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American Age of Discovery, Colonization, Revolution, & Expansion Military history of North America. .

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  #241  
Old 11 Feb 17, 22:05
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I am a little late to the party but this was a great read, and provided a bit of a different perspective about Custer. At least for me, as I had thought of him as an overly brazen game-seeker.

https://books.google.com/books/about...CwAAQBAJ&hl=en
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  #242  
Old 11 Feb 17, 22:58
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Have you read this book?

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  #243  
Old 12 Feb 17, 10:44
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Quote:
Originally Posted by MontanaKid View Post
Fluffy answered this pretty well. The situation called for making quick decisions on the fly. The experience of the Army was that the Indians would run from any large force and the main problem was to contain them. Custer believed this so did everyone up and down the chain of command. The Army ordered three columns into the Powder River Country, not to cooperate with each other but to cut off three directions of travel except east, back to the reservation. Each was considered large enough to take on the Lakota and Cheyenne, even Gibbon's Montana column of just 400, combined infantry and cavalry. If you understand that, you have a little more insight on Custer's thinking.
but did they ever experience a camp as large as this one? also, with regards to the size of Custer's force at LBH? if not, does it not make sense, with such a large camp and many warriors, that the NAs could not/would not run away? thanks replies--sorry if it has been answered before
o yeah, LBH--fiasco--did someone mention this in the Fiasco thread?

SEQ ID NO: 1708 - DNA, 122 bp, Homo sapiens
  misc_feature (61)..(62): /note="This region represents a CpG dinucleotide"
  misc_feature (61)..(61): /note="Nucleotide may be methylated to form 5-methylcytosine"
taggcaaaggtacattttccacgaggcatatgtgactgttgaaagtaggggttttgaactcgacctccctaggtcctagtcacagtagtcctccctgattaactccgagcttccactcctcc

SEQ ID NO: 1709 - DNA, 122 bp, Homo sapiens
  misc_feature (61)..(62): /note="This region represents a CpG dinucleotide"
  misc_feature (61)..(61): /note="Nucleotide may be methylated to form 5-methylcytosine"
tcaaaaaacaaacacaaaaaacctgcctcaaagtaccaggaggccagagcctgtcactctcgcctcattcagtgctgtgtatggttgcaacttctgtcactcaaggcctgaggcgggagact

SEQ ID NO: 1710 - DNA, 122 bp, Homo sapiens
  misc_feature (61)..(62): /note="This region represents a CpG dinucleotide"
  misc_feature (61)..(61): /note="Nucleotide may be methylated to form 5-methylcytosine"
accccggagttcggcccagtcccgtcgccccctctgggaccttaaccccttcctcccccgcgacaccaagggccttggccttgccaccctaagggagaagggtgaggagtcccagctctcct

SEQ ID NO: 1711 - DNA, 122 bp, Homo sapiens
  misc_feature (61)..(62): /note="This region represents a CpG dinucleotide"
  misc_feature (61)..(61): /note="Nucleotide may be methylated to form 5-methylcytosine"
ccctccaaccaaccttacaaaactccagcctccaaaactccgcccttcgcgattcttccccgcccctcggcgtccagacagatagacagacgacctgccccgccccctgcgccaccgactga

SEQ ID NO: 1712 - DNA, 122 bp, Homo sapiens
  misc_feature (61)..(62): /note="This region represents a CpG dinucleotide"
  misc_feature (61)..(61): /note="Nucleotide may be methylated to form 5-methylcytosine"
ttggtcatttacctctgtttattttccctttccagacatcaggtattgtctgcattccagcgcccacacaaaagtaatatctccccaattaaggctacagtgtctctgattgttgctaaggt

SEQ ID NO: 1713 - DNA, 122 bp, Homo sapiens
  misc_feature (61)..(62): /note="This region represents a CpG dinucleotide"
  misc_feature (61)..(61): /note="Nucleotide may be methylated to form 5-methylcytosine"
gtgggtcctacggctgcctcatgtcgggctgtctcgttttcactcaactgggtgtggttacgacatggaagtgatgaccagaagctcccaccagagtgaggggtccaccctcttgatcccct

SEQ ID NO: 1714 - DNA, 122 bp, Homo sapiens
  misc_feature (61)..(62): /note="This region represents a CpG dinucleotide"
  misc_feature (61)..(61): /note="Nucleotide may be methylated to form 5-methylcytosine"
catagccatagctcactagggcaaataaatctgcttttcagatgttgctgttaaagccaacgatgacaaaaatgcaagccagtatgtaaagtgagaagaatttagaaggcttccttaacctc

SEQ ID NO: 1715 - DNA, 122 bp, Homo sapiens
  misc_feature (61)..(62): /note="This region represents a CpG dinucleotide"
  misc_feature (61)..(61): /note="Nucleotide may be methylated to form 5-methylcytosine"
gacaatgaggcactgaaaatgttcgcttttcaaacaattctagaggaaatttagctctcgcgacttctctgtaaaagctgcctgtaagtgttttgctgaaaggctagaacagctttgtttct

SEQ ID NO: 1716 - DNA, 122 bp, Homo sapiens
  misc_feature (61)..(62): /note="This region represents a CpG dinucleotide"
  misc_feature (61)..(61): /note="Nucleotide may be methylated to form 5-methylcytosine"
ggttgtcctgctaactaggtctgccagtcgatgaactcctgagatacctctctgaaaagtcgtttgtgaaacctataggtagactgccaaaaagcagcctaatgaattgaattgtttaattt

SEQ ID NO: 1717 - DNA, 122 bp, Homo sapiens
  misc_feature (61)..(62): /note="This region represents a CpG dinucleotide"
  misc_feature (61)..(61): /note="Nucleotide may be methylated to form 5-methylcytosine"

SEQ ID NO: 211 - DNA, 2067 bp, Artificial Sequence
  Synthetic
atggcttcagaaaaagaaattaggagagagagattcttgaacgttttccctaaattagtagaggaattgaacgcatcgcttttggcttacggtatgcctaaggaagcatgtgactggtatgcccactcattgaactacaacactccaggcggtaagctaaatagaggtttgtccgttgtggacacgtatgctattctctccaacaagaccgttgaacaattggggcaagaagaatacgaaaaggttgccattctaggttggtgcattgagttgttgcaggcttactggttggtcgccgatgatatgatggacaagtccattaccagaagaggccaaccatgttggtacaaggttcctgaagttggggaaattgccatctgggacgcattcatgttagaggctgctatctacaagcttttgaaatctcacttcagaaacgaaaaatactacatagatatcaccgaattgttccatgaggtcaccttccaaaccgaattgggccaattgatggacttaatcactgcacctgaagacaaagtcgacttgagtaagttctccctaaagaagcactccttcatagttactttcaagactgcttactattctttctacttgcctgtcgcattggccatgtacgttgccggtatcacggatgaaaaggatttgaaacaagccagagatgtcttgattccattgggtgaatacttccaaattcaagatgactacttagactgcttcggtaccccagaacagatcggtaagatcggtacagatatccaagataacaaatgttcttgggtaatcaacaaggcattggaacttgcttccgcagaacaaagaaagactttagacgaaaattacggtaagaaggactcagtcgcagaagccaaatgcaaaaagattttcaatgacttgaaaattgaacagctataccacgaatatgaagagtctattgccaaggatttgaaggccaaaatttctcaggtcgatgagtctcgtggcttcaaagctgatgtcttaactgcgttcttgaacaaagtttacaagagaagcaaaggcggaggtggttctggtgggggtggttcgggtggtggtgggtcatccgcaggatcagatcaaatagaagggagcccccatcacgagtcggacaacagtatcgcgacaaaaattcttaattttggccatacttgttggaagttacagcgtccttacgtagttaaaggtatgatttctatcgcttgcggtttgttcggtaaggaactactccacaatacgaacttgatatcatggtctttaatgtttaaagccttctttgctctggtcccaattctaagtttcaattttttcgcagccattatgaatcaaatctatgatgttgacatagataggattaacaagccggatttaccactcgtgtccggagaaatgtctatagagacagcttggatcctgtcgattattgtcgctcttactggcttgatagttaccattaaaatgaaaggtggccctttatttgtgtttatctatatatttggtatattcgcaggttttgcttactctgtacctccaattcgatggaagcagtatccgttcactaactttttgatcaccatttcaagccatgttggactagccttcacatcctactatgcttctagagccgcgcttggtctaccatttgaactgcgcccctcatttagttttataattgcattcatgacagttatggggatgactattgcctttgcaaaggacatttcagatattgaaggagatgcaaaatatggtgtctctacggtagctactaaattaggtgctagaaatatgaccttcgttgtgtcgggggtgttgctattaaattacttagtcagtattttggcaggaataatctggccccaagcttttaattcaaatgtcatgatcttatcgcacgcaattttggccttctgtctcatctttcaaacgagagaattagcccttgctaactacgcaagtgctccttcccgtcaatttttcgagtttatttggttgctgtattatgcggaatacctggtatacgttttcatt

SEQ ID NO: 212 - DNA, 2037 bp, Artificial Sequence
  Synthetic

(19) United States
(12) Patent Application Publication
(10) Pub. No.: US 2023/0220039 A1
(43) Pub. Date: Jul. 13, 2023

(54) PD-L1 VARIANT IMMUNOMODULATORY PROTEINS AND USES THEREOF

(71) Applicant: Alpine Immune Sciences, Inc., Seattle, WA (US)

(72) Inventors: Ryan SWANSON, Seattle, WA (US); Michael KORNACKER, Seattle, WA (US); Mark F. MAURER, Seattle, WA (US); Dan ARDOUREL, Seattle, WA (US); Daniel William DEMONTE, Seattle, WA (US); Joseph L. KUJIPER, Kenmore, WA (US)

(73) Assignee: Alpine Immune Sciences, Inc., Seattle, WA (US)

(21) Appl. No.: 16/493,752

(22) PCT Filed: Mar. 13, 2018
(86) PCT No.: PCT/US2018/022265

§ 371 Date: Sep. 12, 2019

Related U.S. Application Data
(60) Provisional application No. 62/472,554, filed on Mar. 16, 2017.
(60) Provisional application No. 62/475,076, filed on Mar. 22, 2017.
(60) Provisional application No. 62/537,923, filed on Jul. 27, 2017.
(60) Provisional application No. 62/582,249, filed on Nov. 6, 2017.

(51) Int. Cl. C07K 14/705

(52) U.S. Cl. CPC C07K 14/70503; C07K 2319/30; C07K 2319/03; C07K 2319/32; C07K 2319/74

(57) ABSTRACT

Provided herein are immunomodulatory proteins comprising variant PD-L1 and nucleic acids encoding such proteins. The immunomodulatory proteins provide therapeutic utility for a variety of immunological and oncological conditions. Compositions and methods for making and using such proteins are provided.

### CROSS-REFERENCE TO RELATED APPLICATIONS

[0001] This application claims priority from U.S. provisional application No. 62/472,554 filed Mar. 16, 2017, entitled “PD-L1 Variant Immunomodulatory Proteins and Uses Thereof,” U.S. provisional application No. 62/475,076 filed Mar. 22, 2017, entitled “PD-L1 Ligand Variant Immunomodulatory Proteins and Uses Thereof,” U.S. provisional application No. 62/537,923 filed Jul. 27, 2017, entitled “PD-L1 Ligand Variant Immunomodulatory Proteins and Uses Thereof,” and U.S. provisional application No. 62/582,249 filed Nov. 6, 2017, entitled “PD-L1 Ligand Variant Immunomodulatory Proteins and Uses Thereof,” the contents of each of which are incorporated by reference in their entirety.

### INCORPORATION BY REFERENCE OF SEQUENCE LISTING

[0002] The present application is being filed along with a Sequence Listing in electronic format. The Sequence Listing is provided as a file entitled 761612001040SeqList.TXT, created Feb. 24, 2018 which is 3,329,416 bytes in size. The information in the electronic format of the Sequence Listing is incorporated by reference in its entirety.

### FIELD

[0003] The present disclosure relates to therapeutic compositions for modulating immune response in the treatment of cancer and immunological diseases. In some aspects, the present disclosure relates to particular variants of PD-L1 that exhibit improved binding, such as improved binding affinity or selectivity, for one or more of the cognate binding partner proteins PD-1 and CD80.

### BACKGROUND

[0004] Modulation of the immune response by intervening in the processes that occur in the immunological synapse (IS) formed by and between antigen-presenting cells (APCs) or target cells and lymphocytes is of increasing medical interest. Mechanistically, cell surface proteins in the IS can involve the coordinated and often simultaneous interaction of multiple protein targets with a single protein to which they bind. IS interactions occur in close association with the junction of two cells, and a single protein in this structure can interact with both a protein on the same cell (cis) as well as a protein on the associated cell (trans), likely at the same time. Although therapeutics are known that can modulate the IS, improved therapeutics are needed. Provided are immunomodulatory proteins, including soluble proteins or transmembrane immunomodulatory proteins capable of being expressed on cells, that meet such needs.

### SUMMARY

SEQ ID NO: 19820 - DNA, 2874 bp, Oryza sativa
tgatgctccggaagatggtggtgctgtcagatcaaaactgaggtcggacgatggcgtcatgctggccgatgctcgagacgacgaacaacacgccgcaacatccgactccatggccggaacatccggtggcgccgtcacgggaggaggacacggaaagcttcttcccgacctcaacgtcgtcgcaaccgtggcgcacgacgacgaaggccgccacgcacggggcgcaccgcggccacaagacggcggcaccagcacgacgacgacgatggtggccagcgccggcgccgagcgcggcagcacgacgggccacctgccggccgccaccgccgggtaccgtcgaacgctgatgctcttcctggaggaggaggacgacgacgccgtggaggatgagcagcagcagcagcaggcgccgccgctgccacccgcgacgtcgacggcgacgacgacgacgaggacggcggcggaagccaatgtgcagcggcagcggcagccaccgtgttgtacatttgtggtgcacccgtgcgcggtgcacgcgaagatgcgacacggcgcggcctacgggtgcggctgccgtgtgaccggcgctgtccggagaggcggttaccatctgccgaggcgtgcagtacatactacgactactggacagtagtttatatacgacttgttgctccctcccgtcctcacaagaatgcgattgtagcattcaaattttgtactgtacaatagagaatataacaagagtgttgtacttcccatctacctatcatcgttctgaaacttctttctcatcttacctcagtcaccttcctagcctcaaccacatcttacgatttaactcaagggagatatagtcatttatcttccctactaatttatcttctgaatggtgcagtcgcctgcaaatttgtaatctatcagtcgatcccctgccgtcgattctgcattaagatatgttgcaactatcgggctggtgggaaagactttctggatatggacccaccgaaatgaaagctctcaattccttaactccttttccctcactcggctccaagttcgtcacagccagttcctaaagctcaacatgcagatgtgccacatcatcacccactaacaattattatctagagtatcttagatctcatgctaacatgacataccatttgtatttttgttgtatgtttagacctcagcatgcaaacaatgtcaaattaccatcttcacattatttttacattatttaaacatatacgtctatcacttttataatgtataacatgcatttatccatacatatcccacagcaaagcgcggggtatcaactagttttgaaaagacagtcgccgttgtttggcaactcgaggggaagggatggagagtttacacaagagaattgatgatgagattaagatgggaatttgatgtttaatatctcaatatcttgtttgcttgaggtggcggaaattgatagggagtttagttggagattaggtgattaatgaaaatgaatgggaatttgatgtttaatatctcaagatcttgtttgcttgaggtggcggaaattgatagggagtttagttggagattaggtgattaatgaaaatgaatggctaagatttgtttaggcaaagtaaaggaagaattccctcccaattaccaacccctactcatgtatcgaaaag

Last edited by Moulin; 12 Feb 17 at 11:20..
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  #244  
Old 12 Feb 17, 14:01
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Originally Posted by Moulin View Post
but did they ever experience a camp as large as this one?
I do not believe Custer himself had ever encountered a camp as large as the one at LBH. Other US Army units might have at rare times. The Comanche camp attacked by Ranald Mackenzie at the Palo Duro Canyon might have been about 1500 warriors. And Kit Carson attacked a very large camp at Canyon de Chelly.
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  #245  
Old 12 Feb 17, 22:39
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FOr all of you here, Joel over at faroutliers has been reviewing an interesting book on the Indian Wars that touches on the Plains Indians. Below, just one example:

From The Earth Is Weeping: The Epic Story of the Indian Wars for the American West, by Peter Cozzens (Knopf, 2016), Kindle Loc. 3858-3875:

After Sitting Bull’s investiture as head of the non-treaty Lakotas, his uncle Four Horns advised him to “be a little against fighting but when anyone shoots be ready to fight him.”

Four Horns’s counsel, however, applied only to whites; Crows continued to be fair game. Sitting Bull and Crazy Horse led the push to dispossess the Crows of their remaining hunting grounds in the early 1870s, but many from the treaty bands fought with them, as did the Northern Cheyennes and, to a lesser degree, their Northern Arapaho allies. The architects of the Fort Laramie Treaty of 1868 had included Crow land within the Unceded Indian Territory, which made Lakota aggression perfectly legal. But it threatened the citizens of southwestern Montana, who had counted on the Crows as a buffer between themselves and Lakotas, and the governor appealed for federal intervention. Generals Sherman and Sheridan made it a matter of unofficial policy to supply the Crows with arms. Each side benefited: settlers felt safer, and the army winked at Crow retaliatory raids against the Lakotas.

The Crows had it hard, but none suffered more for their fidelity to the Great Father than did the Pawnees. Agency Oglala and Brulé warriors raided Pawnee villages in central Nebraska with the implicit support of Red Cloud and Spotted Tail, who saw nothing amiss in young warriors sating their hunger for war honors at the expense of tribal enemies. Certainly it was preferable to unwinnable wars with the whites. In August 1873, at least eight hundred Lakota warriors, perhaps led by Spotted Tail himself, fell upon a Pawnee hunting party in southwestern Nebraska, killing a hundred, of whom nearly half were women and children. Only the timely appearance of a cavalry detachment prevented a greater slaughter.